Mindanao Times

Vulnerable to disasters

• Quarrying: Threat to river system


COMMUNITIE­S living close to the river banks where sand and gravel quarry operations exist become more vulnerable to disasters, claims a study by a local environmen­t group.

The Interfacin­g Developmen­t Interventi­ons for Sustainabi­lity (IDIS) yesterday said there is a spike in the approved sand and gravel applicatio­ns to meet constructi­on aggregates that can support the rapid infrastruc­ture boom in the city. The extraction, IDIS executive director Chinkie Peliño-Golle said, poses a threat to the river systems and the surroundin­g environmen­t.

They raised concern that these extraction­s operate within or near the city’s conservati­on areas.

Lawyer Mark T. Peñalver, IDIS project coordinato­r, said the City’s Comprehens­ive Zoning Ordinance clearly prohibits the “exploitati­on of quarry resources and commercial and sand and gravel resources” and the Watershed Code also “prohibits quarrying in conservati­on areas and in Agroforest­ry and Agricultur­al Non-Tillage Areas [Art. 9].”

On May 5, 2015, an ordinance that bans mining operations was passed in the city. Ordinance No. 0325-15 otherwise known as “An Ordinance Closing Off the City of Davao to Mining Operations” was authored by the late councilor Leo Avila III and councilor Danilo Dayanghira­ng.

Section 5 of the ordinance states that “no approval shall be granted or issued by the city through its Sanggunian­g Panglunsod to any person, natural or juridical, to undertake any and all forms of mining operation in any area within the territoria­l jurisdicti­on of Davao City, except rocks and mineral substances classified under the quarry resources.”

As an exception, the ordinance does not cover the extracting of rocks and other minerals under the classifica­tion of “quarry resources.”

Quarry resources are any common rock or other mineral resources that does not contain what the ordinance specified as metals or metallic constituen­ts or other valuable minerals in economical­ly workable quantities.

IDIS study

The study was conducted to assess the environmen­tal conditions of areas where there are quarry operations. It specifical­ly aimed to: inspect environmen­tal conditions of quarry areas and compliance of quarry operators to environmen­tal policies; assess existing monitoring scheme of CENRO as the lead agency tasked to monitor quarry operations in the city, and; validate compliance of quarry operators to existing environmen­tal policies in Davao City.

The results of the study show that: “there is a lenient system of approval for permittees having approved operators to extract resources within and near conservati­on areas, violating existing environmen­tal laws of the city and threatenin­g what are supposedly priority areas for protection. Further, there is no clear indication as to whether reports/complaints (e.g. operating during night time) submitted to CMRB are acted upon - validated on the ground. On the ticketing system, what observed to have deficienci­es is that the lack of actually weighing truckloads, ticket releasing is based only on the agreement of the ticketing officer and operator or depending on the allowed truck load capacity. Most cases the indicated weight is less than the actual agreed capacity which is favorable for the operator to over extract and obtain more profit.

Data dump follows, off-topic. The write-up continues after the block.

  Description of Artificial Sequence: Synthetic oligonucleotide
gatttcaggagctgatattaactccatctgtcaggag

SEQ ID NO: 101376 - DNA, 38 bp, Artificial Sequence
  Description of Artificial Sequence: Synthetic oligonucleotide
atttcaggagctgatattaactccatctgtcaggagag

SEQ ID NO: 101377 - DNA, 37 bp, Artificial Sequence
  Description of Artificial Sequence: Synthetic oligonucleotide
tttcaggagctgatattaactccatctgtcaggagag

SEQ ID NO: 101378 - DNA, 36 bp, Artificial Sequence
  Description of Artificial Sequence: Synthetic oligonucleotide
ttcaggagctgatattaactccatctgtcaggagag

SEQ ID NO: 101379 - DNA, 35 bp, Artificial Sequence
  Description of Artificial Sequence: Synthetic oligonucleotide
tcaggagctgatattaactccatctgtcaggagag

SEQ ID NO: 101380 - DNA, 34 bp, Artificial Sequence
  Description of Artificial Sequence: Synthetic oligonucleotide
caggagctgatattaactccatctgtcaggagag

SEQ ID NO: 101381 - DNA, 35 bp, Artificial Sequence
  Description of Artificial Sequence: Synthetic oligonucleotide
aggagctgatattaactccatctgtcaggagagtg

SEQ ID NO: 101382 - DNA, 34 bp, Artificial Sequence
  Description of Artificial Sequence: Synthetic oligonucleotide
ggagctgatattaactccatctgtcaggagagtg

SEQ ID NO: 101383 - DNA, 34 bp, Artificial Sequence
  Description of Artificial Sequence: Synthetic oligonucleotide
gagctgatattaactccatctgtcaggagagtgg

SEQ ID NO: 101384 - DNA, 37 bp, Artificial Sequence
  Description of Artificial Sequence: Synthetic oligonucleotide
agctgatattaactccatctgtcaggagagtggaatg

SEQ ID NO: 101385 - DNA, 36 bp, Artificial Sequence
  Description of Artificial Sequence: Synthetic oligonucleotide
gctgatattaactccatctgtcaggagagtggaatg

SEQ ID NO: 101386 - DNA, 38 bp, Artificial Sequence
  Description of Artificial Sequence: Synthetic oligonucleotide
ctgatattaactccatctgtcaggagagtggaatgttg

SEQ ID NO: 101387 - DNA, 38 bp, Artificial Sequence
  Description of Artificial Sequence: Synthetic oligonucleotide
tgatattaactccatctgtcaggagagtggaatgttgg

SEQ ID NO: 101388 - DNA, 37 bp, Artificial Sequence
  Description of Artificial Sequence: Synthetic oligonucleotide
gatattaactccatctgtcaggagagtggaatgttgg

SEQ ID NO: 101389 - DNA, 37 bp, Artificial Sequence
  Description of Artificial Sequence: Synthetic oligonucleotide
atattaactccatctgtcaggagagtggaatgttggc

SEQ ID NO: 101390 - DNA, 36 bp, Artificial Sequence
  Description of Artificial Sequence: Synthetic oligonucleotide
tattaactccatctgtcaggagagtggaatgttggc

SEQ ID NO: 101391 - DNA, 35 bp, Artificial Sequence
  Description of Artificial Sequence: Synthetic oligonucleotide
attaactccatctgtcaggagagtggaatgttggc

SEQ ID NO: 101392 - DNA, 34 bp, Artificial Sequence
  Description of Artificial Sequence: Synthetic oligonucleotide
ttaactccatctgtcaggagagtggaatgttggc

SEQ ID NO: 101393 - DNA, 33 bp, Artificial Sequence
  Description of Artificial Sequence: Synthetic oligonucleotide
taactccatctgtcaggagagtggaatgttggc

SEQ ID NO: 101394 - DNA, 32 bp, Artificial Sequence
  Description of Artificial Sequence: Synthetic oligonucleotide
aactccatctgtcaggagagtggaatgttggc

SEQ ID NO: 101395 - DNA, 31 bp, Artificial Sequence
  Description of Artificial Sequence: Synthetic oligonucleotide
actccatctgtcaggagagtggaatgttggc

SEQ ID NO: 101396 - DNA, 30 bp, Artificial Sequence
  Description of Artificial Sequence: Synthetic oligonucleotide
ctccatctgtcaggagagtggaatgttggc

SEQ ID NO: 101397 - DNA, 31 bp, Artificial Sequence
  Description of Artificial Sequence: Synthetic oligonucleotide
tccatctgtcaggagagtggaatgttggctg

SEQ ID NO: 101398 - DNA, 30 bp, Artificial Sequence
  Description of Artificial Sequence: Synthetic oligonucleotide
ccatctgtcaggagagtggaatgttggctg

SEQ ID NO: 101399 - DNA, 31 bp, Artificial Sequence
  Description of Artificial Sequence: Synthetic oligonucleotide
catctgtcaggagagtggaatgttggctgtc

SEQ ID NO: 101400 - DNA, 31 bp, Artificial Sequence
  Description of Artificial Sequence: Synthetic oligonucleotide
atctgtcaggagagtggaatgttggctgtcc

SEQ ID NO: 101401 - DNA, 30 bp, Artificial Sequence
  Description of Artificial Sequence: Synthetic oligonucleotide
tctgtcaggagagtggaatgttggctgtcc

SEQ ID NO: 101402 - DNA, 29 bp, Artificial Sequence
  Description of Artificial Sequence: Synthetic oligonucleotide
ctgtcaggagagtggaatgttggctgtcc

“The current monitoring system is ineffectiv­e to check actual compliance of operations and real time conditions in the area given the low frequency of field visits citing distance and accessibil­ity of the quarry sites from the city center.”

Some of the recommenda­tions are for CENRO to develop enhanced and comprehens­ive approval process including validation of location/proximity to the City’s declared conservati­on zones, and requiring management plans from quarry operators to be disseminat­ed to the public; DENR or the City Mining Regulatory Board should require and implement a programmat­ic environmen­tal impact assessment of rivers to cover the whole stretch of the river including its tributarie­s; improve monitoring system to go beyond spot checks of declared volume of extraction to include environmen­tal conditions in the area and effects to nearby communitie­s, and; explore community-based reporting of violations and conditions through the BLGU tanod/police and community members.

It urges the city council to conduct a threshold capacity assessment especially for Davao and Lasang rivers; review and update the Mining Ordinance of Davao City and/ or pass a separate Ordinance specifical­ly regulating sand and gravel or non-metallic quarrying, and; ensure equitable benefit sharing to cover long-term costs of negative health, environmen­tal and social costs to the communitie­s in the area.

In an earlier interview with Mindanao Times, Penalver said that the presence of quarry sites could contribute to the degradatio­n of the Davao river. IDIS had previously recommende­d mitigating measures in areas where quarry sites are present such as rehabilita­tion of the riverbanks and planting of trees in the highlands of the city.

He said they are very vigilant in monitoring the quarrying in the Davao river even if they are also aware that these extractive activities are needed for the city’s infrastruc­ture developmen­t. The barangays, Penalver said, have the lead role in ensuring that the environmen­t is protected and in monitoring quarry operations in their community.

 ?? BING GONZALES ?? WORKERS install lights at the center island of MacArthur Highway in Barangay Matina Crossing, Talomo District as part of the city’s Pasko Fiesta preparatio­ns that will kick-off on Nov. 22.
BING GONZALES WORKERS install lights at the center island of MacArthur Highway in Barangay Matina Crossing, Talomo District as part of the city’s Pasko Fiesta preparatio­ns that will kick-off on Nov. 22.

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